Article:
From the series: Differential Equations and Linear Algebra
Gilbert Strang, Massachusetts Institute of Technology (MIT)
A matrix produces four subspaces – column space, row space (same dimension), the space of vectors perpendicular to all rows (the nullspace), and the space of vectors perpendicular to all columns.
I would like you to see the big picture of linear algebra. We're not doing, in this set of videos, a full course on linear algebra. That's already on OpenCourseWare 1806. And now I'm concentrating on differential equations, but you got to see linear algebra this way.
And this way means subspaces. And there are four of them in the big picture. And we-- previous video described the column space and the null space. Now, we've got two more, making four. And let me look at this matrix-- it's for subspaces-- and put them into the big picture.
So the first space I'll look at is the row space. Now, the row space has these rows-- has the vector 1, 2, 3 and the vector 4, 5, 6, two vectors there, and all their combinations. That's the key idea in linear algebra, linear combinations. So 1, 2, 3 is a vector in three dimensional space. 4, 5, 6 is another one.
Now, if I take all their combinations, do you visualize that if I have two vectors, and I add them, and I get another vector that's in the same plane? Or if I subtract them, I'm still in that plane. Or if I take five of one and three of another, I'm still in that plane. And I fill the plane when I take all the combinations. So the row space-- can I try to draw a picture here?
It's a plane. This is the row space. I'll just put row. And in that plane are the vectors 1, 2, 3 and the vectors 4, 5, 6, those two rows. And the plane fills our combinations. Well, I can't draw am infinite plane on this MIT blackboard. But you get the idea. It's a plane. And we're sitting in three dimensions.
Now, the other-- so there's more. We've only got one-- a plane here, a flat part, like a tabletop, extending to infinity, but not filling 3D because we've got another direction. And in that other direction is the null space. That's the nice thing.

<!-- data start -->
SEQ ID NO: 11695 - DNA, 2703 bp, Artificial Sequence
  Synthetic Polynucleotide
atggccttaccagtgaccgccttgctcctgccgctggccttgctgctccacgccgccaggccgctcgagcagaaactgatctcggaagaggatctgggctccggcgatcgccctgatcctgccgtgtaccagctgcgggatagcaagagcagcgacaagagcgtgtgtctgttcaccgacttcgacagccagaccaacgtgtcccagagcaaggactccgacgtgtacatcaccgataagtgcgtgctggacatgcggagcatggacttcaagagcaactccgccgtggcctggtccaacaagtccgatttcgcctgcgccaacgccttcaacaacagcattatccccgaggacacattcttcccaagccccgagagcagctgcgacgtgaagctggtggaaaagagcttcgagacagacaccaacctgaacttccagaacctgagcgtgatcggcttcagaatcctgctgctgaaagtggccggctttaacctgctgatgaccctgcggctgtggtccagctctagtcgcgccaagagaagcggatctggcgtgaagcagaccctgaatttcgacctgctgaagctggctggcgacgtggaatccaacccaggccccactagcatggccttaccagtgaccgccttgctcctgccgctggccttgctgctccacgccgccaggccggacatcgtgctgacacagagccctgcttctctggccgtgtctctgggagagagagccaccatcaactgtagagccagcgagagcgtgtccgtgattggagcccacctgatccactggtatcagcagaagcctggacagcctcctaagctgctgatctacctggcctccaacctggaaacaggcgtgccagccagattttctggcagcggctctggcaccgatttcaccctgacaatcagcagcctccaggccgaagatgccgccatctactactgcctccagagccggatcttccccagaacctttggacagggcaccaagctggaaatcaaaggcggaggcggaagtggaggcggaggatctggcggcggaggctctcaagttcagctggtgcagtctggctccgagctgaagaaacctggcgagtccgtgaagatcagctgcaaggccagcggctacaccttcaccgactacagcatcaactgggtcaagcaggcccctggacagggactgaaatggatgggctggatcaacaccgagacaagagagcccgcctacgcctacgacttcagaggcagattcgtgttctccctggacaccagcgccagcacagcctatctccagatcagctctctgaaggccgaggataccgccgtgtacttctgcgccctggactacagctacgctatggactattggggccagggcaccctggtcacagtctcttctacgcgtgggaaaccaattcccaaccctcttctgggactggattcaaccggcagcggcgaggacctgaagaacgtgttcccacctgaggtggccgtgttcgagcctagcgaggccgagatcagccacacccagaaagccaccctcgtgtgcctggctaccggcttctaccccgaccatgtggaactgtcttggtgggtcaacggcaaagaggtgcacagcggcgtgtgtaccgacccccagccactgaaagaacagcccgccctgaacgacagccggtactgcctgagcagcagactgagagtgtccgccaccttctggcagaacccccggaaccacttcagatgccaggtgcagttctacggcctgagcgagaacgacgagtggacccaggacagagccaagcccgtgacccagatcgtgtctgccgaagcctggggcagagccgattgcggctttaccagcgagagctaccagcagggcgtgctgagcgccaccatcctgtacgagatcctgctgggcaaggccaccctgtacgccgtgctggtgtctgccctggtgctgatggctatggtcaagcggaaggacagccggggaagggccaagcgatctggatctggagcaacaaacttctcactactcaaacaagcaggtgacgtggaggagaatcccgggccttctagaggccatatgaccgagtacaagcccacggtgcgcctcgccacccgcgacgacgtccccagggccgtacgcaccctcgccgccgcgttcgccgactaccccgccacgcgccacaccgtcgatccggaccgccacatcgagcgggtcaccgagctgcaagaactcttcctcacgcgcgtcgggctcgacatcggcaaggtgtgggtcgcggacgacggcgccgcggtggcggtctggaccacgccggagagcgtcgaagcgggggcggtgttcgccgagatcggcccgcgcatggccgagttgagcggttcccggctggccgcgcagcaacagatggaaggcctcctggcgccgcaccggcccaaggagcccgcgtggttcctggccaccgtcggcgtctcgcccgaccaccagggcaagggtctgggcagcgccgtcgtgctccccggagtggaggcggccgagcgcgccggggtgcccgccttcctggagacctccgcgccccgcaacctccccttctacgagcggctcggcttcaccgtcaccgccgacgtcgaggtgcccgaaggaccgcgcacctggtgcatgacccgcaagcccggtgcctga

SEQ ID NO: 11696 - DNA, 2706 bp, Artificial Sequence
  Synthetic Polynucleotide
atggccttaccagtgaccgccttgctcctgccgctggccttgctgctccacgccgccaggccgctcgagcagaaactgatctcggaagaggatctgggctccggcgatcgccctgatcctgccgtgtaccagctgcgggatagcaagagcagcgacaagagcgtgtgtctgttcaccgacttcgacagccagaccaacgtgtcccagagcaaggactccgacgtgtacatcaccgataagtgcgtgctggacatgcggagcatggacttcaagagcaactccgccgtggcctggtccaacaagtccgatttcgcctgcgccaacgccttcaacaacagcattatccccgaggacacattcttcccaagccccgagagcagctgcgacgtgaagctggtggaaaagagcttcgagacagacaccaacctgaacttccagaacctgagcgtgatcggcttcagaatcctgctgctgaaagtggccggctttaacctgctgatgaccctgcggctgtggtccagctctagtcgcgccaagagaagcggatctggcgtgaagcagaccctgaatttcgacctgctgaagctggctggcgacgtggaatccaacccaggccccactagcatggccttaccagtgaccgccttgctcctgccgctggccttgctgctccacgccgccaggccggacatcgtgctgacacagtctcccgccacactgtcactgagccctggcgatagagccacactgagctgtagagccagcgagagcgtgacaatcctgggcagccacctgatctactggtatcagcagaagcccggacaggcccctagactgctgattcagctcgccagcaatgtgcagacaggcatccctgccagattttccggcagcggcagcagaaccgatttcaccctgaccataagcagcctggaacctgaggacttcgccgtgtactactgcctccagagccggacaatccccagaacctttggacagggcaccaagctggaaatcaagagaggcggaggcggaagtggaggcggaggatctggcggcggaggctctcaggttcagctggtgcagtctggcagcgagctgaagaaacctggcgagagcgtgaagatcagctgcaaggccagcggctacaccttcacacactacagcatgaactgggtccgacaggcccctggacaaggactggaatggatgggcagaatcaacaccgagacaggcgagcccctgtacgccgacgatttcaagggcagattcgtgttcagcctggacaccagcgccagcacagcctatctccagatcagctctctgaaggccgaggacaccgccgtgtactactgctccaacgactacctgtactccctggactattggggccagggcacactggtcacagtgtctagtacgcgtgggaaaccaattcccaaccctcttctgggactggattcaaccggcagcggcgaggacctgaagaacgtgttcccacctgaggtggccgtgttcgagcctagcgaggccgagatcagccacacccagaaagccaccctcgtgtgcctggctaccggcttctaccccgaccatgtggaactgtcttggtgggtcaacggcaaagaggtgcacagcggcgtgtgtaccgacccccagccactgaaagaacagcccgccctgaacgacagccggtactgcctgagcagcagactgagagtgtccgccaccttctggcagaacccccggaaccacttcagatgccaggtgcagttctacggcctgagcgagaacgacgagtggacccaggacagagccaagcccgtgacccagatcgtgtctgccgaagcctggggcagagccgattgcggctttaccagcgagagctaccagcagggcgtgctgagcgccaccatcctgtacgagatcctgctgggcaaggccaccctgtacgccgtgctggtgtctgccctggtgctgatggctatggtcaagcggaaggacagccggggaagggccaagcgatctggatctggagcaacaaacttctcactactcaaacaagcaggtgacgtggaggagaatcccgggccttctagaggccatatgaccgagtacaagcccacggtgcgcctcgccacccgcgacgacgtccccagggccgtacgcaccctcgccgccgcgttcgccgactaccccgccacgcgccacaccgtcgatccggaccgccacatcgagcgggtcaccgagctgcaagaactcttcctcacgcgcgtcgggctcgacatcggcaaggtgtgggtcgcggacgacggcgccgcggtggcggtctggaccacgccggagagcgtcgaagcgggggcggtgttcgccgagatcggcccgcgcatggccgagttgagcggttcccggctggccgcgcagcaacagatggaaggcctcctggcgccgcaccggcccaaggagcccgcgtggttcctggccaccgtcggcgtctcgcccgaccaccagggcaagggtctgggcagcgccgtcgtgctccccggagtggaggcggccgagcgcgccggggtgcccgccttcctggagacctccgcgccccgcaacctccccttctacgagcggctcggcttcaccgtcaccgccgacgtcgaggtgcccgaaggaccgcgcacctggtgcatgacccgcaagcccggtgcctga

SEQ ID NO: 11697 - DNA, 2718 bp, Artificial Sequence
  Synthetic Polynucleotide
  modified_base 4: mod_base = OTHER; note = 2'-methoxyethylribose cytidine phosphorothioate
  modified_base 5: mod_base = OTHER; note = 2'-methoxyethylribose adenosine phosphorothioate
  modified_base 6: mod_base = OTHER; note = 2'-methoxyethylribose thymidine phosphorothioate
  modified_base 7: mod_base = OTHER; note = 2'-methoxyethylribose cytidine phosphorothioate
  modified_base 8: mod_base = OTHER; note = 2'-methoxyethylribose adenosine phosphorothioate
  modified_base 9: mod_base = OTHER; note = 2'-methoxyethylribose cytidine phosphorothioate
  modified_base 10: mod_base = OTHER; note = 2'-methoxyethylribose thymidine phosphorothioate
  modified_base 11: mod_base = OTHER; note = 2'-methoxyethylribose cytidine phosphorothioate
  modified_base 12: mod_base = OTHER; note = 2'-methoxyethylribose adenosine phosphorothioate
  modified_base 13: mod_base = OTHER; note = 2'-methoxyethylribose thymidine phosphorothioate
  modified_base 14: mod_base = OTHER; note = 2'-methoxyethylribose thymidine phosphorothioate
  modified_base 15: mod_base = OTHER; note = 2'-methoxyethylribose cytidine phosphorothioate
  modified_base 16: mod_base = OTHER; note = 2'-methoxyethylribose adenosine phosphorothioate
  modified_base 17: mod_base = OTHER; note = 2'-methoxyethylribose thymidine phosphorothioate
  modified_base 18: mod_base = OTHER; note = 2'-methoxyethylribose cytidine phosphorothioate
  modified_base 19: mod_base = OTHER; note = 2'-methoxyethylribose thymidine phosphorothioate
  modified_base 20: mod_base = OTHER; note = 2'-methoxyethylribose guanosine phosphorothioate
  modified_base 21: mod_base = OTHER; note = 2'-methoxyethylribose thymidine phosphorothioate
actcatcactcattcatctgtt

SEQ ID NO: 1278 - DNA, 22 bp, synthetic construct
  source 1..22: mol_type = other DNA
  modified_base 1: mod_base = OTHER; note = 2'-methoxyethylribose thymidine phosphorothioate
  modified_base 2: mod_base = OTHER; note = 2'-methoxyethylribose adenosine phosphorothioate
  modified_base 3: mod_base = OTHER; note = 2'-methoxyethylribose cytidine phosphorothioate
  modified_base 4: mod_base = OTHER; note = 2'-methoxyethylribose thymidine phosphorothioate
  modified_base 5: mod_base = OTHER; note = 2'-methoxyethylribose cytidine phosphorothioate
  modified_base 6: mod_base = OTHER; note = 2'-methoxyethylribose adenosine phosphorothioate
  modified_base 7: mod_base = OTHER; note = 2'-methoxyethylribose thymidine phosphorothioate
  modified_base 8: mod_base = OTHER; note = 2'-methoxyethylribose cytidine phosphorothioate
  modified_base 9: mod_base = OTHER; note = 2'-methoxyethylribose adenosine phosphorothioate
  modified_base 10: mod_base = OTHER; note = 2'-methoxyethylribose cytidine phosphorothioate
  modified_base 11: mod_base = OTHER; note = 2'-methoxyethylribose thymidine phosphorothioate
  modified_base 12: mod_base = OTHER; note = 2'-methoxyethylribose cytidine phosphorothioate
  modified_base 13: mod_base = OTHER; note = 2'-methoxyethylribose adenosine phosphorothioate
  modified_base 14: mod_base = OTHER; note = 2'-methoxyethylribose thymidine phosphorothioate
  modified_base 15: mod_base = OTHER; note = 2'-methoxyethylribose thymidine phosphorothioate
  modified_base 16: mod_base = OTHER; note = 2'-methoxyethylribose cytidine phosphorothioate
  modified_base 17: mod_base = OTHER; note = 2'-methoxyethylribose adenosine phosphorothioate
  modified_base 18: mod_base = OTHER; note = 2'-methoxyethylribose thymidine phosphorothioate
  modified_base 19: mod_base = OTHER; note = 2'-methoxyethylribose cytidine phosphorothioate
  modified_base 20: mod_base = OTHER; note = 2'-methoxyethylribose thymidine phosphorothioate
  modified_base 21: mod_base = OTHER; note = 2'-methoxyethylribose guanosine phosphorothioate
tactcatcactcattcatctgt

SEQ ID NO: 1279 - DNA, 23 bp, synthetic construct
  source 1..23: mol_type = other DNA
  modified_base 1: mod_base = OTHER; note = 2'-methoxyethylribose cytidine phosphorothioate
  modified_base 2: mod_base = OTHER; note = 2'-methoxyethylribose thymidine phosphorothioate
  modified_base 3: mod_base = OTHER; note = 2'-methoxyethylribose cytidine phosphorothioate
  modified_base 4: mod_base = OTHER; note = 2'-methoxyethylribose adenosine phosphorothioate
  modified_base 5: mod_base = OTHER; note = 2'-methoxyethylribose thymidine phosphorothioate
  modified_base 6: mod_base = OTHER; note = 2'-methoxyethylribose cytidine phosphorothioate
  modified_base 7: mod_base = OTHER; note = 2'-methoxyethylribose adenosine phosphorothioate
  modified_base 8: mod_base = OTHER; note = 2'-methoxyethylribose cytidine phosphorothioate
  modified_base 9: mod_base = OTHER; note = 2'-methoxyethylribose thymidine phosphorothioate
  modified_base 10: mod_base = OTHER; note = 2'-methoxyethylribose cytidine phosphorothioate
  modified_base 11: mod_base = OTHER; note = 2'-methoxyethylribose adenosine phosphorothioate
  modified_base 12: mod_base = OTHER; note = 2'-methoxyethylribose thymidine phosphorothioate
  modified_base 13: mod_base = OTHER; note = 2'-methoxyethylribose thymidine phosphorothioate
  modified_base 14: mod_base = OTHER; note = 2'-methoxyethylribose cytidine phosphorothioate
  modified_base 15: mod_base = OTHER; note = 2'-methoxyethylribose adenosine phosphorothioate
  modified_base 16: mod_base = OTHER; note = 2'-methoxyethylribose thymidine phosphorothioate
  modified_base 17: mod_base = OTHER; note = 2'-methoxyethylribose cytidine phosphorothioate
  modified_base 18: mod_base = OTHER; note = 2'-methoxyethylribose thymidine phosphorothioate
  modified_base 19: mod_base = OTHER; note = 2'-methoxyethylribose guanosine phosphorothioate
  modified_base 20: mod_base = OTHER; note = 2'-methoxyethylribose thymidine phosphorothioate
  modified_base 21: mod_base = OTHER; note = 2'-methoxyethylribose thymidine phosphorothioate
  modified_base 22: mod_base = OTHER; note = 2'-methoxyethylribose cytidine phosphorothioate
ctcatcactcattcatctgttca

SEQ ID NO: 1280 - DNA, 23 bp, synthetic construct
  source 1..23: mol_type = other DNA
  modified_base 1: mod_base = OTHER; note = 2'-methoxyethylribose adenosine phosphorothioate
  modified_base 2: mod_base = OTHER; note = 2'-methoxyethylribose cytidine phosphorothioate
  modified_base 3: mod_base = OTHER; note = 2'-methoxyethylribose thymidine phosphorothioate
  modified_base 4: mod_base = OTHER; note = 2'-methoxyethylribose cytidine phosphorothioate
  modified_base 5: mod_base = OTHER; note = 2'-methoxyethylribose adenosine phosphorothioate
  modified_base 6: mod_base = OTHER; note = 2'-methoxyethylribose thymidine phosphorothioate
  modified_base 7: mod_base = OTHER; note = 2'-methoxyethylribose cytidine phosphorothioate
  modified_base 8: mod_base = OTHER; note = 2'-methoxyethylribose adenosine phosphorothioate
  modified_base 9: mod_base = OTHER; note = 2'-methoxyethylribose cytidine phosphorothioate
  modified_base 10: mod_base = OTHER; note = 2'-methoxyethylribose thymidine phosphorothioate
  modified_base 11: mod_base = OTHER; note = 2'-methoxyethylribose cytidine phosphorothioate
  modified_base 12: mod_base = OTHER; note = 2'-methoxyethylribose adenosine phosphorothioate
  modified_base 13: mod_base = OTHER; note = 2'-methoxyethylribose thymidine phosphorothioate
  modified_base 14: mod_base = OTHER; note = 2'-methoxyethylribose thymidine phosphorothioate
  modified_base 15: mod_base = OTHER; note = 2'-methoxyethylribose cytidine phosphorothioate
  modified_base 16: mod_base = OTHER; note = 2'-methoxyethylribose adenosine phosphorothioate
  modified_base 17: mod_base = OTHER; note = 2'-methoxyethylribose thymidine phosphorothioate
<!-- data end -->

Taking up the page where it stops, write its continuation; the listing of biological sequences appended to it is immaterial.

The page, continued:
So I would like to know the null space of that matrix. I'd like to solve so the null space, N of A-- I'm solving Av equals all 0s. So some combination of those three columns will give me the 0 column. Let me write it in as a 0 column.
What could v be? What combination of that column, that column, and that column give 0, 0? Now, I know there are some interesting combinations because I-- only amounts to two equations with three unknowns, v1, v2, v3. I want to multiply that by v1, that by v2, that by v3. So I have three unknowns, but I've only two 0s to get, only two equations.
And if I have three unknowns and two equations, there will be lots of solutions. And I can see one. Do you see that if I add that and that, I get 4, 10 And that's the same-- 4, 10 is the same as 2 times 2, 5.
In other words, I believe v equal-- if I took 1 of the first and 1 of the third, and if I subtracted 2 of the second column-- so Av will give me 1 of the first column, 1 of the third column, and subtracting 2 of the second column will give me 0, 0. So here's my null space. My null space heads off in this direction, in the direction of 1, minus 2, 1.